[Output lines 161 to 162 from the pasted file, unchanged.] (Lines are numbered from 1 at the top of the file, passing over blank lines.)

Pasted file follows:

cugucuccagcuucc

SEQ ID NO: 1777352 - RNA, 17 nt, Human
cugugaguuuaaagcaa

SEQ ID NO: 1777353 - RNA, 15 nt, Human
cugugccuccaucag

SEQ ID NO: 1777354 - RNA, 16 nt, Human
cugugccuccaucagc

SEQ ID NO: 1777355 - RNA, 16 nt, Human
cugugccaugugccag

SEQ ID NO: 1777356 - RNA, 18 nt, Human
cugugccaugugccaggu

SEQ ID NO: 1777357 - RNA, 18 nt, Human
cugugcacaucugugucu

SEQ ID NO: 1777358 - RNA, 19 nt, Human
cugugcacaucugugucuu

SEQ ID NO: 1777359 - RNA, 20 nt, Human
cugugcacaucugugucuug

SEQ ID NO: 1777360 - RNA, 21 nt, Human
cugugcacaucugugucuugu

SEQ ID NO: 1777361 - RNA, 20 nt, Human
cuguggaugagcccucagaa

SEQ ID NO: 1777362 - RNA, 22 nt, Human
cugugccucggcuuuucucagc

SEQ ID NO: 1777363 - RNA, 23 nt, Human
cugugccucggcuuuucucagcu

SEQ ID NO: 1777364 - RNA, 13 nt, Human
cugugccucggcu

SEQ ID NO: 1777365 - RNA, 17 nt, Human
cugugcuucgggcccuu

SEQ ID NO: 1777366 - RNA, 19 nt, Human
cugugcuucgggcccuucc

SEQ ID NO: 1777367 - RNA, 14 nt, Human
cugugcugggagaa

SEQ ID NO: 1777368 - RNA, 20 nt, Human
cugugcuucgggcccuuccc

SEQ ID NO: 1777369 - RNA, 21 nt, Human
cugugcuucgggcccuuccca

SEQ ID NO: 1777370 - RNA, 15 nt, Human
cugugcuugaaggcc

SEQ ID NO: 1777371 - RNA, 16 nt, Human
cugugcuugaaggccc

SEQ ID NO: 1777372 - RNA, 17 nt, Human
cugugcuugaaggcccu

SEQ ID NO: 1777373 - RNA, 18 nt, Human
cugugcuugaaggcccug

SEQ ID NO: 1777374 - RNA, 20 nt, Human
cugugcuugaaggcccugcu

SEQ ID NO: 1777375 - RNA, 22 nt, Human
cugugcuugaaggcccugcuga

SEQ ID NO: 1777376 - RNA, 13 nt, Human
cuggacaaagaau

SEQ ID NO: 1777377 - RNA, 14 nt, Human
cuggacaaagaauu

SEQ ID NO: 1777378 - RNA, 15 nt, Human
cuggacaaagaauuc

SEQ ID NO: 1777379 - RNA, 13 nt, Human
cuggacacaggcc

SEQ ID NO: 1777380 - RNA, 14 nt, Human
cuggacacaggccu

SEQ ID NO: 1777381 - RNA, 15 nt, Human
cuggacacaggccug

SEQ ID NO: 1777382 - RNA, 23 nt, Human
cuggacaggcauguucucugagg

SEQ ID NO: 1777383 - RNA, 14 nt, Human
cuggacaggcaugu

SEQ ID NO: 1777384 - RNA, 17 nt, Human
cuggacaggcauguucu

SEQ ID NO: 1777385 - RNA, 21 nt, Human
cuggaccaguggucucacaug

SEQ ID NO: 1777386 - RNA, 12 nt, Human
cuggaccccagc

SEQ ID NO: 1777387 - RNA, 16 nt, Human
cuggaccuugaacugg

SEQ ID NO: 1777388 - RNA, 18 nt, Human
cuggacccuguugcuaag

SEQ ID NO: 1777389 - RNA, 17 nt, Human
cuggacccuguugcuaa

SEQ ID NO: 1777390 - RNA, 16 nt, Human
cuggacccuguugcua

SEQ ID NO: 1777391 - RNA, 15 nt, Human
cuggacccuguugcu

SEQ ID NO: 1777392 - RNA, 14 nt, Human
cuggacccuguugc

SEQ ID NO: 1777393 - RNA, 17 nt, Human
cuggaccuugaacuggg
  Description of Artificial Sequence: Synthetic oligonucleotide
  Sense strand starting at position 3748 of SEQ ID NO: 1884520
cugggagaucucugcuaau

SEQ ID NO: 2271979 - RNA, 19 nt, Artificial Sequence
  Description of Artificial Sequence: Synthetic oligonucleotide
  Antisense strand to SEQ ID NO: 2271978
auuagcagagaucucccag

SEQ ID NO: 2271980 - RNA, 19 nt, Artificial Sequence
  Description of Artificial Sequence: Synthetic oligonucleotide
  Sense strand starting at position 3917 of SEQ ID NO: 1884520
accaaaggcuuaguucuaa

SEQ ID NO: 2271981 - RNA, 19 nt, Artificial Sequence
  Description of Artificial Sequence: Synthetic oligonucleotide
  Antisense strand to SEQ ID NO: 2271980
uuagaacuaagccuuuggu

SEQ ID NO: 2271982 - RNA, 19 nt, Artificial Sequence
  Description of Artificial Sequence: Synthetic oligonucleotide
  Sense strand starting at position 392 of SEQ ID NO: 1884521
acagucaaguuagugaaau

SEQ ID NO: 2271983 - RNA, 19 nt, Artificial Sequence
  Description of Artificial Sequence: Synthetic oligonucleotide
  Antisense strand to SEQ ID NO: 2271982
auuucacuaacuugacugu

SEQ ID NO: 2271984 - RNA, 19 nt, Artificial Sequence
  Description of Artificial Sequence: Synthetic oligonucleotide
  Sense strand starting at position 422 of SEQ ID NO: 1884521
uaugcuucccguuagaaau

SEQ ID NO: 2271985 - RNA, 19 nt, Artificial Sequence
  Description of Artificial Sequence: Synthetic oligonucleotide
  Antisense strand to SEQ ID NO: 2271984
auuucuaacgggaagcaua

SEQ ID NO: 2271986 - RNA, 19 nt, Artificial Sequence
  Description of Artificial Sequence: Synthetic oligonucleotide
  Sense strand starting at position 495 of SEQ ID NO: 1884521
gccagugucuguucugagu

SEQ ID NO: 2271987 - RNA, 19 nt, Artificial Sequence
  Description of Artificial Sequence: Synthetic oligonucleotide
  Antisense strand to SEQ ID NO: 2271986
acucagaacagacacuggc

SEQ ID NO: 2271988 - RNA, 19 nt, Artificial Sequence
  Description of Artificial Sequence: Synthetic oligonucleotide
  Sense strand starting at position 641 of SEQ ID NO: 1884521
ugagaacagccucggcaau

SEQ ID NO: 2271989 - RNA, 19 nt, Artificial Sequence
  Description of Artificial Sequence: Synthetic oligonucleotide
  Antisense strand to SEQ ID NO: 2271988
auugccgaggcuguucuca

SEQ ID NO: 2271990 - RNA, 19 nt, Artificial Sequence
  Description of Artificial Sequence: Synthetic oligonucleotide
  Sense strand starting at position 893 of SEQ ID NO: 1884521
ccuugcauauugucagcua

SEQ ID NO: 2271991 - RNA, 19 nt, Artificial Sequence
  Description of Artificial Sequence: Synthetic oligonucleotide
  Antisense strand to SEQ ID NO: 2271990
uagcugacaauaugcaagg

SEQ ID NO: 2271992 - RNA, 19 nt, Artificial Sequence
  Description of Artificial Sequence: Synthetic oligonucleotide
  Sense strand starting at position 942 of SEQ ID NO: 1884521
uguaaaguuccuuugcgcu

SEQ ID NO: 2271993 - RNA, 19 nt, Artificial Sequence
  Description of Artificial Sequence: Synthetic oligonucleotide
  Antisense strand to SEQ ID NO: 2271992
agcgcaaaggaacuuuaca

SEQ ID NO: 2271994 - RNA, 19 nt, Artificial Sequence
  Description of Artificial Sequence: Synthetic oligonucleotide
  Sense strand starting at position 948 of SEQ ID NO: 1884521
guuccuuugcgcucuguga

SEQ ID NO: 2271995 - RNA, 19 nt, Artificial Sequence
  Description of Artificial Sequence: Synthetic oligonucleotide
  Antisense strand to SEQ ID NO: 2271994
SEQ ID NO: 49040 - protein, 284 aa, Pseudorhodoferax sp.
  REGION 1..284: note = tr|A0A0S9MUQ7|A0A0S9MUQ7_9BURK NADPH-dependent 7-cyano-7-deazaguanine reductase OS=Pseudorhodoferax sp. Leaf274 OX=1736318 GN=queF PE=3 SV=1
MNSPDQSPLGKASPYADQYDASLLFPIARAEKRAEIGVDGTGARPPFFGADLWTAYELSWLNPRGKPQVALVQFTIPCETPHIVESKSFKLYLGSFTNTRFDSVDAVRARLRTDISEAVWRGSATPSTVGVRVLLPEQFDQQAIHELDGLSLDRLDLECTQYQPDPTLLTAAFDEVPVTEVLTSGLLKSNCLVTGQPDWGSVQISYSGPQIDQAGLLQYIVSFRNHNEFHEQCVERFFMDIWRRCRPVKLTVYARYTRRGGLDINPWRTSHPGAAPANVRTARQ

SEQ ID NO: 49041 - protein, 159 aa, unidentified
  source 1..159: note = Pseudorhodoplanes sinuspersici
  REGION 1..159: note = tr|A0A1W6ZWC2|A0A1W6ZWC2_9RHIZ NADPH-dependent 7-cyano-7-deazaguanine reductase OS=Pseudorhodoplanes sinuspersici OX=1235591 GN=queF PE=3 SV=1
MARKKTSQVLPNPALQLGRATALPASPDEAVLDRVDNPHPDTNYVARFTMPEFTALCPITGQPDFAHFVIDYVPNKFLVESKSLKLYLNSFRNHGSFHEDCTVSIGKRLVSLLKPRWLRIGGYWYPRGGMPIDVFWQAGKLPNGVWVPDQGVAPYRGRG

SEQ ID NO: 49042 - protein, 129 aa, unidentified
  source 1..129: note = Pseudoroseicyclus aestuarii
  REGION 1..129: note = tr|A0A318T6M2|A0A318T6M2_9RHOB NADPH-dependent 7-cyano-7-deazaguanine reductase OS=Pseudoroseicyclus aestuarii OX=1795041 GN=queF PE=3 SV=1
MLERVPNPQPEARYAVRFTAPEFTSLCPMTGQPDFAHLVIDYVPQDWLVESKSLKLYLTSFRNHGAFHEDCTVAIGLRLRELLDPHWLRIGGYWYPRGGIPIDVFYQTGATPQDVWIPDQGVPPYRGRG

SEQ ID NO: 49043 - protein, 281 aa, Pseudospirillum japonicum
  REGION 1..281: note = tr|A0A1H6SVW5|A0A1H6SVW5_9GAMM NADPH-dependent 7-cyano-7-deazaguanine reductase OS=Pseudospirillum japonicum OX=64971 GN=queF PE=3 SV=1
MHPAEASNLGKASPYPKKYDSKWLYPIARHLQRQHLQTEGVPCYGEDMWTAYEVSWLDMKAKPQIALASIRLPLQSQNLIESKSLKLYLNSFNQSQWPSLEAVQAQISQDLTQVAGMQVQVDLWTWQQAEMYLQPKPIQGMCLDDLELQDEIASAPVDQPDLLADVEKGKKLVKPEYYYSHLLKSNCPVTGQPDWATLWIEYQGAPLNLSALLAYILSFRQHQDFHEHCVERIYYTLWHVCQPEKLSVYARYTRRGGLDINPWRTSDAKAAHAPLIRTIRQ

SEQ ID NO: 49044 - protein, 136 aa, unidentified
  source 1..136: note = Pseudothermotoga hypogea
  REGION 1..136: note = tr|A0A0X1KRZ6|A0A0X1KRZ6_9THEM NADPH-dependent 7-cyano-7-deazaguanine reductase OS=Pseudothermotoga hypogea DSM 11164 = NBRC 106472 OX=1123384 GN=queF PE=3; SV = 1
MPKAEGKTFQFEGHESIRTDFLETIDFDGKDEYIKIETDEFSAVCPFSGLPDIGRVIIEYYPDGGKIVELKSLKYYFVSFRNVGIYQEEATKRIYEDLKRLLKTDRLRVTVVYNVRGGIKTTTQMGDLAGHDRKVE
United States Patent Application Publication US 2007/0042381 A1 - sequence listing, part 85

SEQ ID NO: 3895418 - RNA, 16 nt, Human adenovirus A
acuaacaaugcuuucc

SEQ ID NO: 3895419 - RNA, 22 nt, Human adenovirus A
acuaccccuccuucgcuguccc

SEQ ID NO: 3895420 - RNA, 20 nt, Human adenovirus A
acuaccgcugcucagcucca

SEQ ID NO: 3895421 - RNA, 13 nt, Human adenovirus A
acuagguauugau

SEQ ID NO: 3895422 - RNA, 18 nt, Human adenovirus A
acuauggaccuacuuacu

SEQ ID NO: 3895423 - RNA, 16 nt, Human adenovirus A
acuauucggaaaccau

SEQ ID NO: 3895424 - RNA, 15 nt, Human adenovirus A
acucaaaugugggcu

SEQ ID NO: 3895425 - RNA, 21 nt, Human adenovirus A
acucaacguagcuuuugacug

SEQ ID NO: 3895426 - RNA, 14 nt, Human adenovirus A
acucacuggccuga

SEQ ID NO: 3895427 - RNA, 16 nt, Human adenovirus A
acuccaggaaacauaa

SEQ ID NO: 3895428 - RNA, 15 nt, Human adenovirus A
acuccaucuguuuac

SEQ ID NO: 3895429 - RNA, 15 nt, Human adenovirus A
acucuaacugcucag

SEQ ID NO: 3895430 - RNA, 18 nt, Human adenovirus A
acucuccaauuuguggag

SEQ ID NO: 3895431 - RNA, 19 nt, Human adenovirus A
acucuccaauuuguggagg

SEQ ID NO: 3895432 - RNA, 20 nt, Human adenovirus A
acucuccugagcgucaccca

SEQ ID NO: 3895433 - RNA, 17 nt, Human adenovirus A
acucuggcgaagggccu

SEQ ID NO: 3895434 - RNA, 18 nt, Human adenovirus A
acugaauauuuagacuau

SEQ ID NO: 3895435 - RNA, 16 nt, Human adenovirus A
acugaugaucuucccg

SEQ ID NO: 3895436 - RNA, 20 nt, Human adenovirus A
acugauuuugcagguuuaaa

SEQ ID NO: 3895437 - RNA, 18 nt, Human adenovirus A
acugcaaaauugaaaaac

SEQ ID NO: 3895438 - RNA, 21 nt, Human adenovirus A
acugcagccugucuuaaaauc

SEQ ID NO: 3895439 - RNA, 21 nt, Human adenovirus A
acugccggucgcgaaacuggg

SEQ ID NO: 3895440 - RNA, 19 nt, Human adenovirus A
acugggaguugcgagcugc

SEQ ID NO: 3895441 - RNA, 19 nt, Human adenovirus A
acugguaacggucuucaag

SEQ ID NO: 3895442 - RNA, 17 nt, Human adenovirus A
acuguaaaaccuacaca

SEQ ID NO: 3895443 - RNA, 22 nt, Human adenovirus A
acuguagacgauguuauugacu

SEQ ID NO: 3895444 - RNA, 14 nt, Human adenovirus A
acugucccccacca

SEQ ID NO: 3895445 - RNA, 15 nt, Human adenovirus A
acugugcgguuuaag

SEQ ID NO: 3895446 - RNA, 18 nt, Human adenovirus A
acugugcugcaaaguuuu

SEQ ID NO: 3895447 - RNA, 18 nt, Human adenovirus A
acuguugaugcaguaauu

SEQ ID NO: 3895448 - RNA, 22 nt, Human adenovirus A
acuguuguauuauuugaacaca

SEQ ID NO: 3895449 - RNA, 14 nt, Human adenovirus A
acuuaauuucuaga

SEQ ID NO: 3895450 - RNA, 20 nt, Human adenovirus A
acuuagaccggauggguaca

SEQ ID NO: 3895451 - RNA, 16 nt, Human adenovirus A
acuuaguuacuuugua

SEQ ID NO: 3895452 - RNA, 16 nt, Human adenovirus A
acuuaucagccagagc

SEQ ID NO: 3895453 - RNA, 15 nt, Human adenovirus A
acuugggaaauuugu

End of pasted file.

  REGION 1..159: note = tr|A0A1W6ZWC2|A0A1W6ZWC2_9RHIZ NADPH-dependent 7-cyano-7-deazaguanine reductase OS=Pseudorhodoplanes sinuspersici OX=1235591 GN=queF PE=3 SV=1
MARKKTSQVLPNPALQLGRATALPASPDEAVLDRVDNPHPDTNYVARFTMPEFTALCPITGQPDFAHFVIDYVPNKFLVESKSLKLYLNSFRNHGSFHEDCTVSIGKRLVSLLKPRWLRIGGYWYPRGGMPIDVFWQAGKLPNGVWVPDQGVAPYRGRG